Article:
Concurrent validity was shown to have significant correlations with the HSOPSC teamwork within units dimension and the SAQ teamwork climate dimension. Our study reported that the T-TPQ and its five dimensions significantly correlated with the HSOPSC teamwork within units dimension (r=0.360–0.551, p<0.01), and the SAQ teamwork climate dimension (r=0.398–0.563, p<0.01). However, the correlation with the HSOPSC teamwork within units dimension was bit lower than the findings of the validation study by the American Institutes for Research (r=0.60–0.81, p<0.01).28 More specifically, our study demonstrated that the convergent and discriminant validity of the Chinese T-TPQ was satisfactory. These results are important and noteworthy, because if one item reported a better correlation with one of the other dimensions, than with its initially assigned dimension, then it could be argued that this item should be modified or reassigned to the other dimension.60
The strength of our study is that we provided a Chinese language version of the T-TPQ, which may act as a basis for the future studies on teamwork perception and climate in healthcare and medical education setting of China. However, there were some limitations in our study. First, the respondents of the research were from only a single medical institution in China. Moreover, the findings of our study were limited by the representativeness and scale of the study population. Furthermore, the nature of the cross-sectional study hinders with an appropriate assessment of this questionnaire’s sensitivity to change. Third, the factor loadings of some items were lower than the critical value, especially some items in the dimensions of ‘mutual support’ and ‘communication’. These items may have cultural adaptability problem, which may be further studied. The Chinese version of the T-TPQ seems to be promising benchmark that is instrumental for future studies focusing on teamwork in healthcare settings in China. Further studies could enhance representativeness by expanding the respondent’s diversity and sample size. Determination of teamwork perception is of clinical relevance. We thereby suggested the researchers of medical education to consider using this questionnaire for teamwork studies not only among the residents but also other healthcare professionals of China. The T-TPQ could also be used to identify interprofessional teamwork in healthcare setting, and it may suggest researchers to use this questionnaire for the relevant studies of China in the future. For future studies, the T-TPQ could be used as a measuring tool to verify the impact of training programmes related to teamwork on healthcare professionals.
In this study, we evaluated the psychometric properties of the T-TPQ in Chinese language. Our findings provided evidence that the T-TPQ in Chinese language is a reliable and valid questionnaire for measuring teamwork perception of the Chinese residents, and in cross-cultural comparative studies on the teamwork perception of health professionals. It can therefore be applied in teamwork training programmes and medical education research.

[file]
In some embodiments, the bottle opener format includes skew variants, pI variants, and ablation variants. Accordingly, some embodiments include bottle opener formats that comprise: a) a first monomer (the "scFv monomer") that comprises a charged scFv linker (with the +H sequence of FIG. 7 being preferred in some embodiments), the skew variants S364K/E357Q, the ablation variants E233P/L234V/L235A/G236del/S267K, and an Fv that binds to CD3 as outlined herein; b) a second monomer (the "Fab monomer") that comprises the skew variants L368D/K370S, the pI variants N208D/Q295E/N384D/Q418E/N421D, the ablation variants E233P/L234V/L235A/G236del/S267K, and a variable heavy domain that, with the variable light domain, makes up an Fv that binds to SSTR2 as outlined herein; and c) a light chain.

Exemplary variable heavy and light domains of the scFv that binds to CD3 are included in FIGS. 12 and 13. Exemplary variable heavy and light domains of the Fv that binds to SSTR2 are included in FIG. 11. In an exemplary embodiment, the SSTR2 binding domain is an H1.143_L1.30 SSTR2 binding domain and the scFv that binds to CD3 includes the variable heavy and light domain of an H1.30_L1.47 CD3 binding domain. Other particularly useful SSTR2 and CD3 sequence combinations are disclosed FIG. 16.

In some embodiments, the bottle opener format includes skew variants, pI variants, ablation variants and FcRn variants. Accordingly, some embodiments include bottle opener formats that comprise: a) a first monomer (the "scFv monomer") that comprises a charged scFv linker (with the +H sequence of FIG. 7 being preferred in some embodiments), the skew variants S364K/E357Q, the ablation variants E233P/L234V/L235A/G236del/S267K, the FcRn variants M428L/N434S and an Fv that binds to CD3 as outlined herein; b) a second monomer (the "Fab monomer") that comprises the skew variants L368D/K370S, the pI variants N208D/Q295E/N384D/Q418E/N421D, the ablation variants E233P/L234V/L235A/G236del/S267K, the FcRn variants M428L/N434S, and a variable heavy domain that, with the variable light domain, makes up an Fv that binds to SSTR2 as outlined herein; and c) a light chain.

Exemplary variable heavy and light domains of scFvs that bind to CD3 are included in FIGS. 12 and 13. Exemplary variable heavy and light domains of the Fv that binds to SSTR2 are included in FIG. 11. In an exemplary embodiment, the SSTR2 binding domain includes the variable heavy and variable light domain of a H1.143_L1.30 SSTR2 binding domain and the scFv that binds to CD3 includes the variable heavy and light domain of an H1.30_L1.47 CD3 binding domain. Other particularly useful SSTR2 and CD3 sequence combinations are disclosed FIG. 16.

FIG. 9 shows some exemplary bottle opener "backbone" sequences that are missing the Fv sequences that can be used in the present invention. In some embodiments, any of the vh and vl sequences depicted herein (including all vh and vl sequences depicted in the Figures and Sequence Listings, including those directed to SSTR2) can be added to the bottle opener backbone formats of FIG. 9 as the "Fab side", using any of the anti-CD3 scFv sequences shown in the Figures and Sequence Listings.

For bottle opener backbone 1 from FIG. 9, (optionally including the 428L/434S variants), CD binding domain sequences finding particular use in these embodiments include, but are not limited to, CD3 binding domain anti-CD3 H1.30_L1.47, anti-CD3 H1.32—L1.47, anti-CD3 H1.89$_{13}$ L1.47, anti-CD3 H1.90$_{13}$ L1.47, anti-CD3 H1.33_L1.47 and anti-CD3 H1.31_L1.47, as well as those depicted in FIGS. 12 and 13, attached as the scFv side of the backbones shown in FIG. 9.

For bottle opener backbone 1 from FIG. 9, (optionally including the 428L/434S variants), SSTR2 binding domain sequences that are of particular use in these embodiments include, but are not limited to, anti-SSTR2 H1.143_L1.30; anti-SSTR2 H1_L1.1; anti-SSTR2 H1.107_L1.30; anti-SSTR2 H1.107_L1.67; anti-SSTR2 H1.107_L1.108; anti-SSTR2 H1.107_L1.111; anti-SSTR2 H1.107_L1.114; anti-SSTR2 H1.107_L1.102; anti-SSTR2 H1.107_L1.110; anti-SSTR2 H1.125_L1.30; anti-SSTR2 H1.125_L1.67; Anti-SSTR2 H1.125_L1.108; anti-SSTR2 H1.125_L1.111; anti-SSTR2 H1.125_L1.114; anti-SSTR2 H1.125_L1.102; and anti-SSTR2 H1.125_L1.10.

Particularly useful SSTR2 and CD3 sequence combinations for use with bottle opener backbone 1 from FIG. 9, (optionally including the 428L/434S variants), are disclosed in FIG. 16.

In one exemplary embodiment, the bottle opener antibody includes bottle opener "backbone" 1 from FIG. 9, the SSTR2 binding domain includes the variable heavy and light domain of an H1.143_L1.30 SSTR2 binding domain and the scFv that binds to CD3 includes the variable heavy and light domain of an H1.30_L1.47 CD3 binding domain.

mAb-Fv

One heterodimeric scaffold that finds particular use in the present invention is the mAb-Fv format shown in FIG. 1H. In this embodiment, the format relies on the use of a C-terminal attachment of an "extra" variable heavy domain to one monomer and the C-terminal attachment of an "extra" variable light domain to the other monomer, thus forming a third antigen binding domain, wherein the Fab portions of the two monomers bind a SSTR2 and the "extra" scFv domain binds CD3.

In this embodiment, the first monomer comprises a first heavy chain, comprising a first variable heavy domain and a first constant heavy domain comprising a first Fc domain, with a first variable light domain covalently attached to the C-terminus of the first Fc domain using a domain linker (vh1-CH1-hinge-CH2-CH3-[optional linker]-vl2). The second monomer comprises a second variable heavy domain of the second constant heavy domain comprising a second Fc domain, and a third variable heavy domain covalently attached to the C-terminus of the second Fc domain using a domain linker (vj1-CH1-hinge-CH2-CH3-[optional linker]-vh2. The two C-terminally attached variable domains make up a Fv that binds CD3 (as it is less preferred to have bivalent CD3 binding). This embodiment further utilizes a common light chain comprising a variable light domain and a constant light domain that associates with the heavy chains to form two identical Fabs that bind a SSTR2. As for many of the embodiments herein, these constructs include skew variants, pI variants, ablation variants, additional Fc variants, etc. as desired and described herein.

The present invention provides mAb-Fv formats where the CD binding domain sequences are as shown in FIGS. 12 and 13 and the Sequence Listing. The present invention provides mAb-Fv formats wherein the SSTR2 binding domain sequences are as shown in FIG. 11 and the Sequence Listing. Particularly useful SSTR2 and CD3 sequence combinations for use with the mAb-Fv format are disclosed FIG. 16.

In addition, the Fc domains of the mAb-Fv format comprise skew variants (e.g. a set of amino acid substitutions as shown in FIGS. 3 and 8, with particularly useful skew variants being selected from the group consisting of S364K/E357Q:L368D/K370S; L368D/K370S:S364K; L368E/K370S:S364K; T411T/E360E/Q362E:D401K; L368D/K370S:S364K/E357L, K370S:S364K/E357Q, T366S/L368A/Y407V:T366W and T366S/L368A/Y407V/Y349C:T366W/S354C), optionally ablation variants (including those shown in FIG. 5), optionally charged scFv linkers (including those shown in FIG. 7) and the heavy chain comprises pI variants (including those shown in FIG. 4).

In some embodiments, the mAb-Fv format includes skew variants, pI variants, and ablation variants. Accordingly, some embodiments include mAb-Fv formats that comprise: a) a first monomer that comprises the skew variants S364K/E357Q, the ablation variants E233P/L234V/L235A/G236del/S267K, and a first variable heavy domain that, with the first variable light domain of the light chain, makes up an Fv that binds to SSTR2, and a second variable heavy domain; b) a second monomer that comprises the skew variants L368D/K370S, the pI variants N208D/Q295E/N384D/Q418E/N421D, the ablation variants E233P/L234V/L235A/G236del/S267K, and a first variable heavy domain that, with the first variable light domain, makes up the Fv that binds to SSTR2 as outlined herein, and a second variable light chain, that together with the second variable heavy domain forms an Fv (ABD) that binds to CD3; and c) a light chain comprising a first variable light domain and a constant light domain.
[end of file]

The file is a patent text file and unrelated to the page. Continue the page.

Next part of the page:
The authors thank all the residents and experts for participating in this research.
JQ and YZ contributed equally.
Contributors BQ conceived the study. JQ wrote the manuscript. YZ and JQ revised the manuscript. YZ and LC coordinated data management. YZ, XY and JQ did the data analysis. YZ, LY and YL reviewed the manuscript. All authors read and approved the final manuscript.
Funding This study was supported by the 2017 Liaoning Distinguished Professor (grant number 9) and the 2017 Liaoning Bai Qian Wan Talents Program (grant number 11).
Patient consent for publication Not required.
Ethics approval This study was based on the data of teamwork perception of the Chinese residents. All participants provided written informed consent and participation was voluntary and confidential. We acquired permissions from the developer of the questionnaire to make cross-cultural translation and adaptation of the T-TPQ. The study was approved by the Bioethics Advisory Commission of China Medical University, Shenyang, China.
Provenance and peer review Not commissioned; externally peer reviewed.
Data availability statement All data relevant to the study are included in the article or uploaded as supplemental information. All data from the current study were reported in the manuscript. Participant-level data are not publicly available due to ethical and legal obligations to the participants in the study. Data are available upon request to the corresponding author and with permission of the local ethics committee.
Supplemental material This content has been supplied by the author(s). It has not been vetted by BMJ Publishing Group Limited (BMJ) and may not have been peer-reviewed. Any opinions or recommendations discussed are solely those of the author(s) and are not endorsed by BMJ. BMJ disclaims all liability and responsibility arising from any reliance placed on the content. Where the content includes any translated material, BMJ does not warrant the accuracy and reliability of the translations (including but not limited to local regulations, clinical guidelines, terminology, drug names and drug dosages), and is not responsible for any error and/or omissions arising from translation and adaptation or otherwise.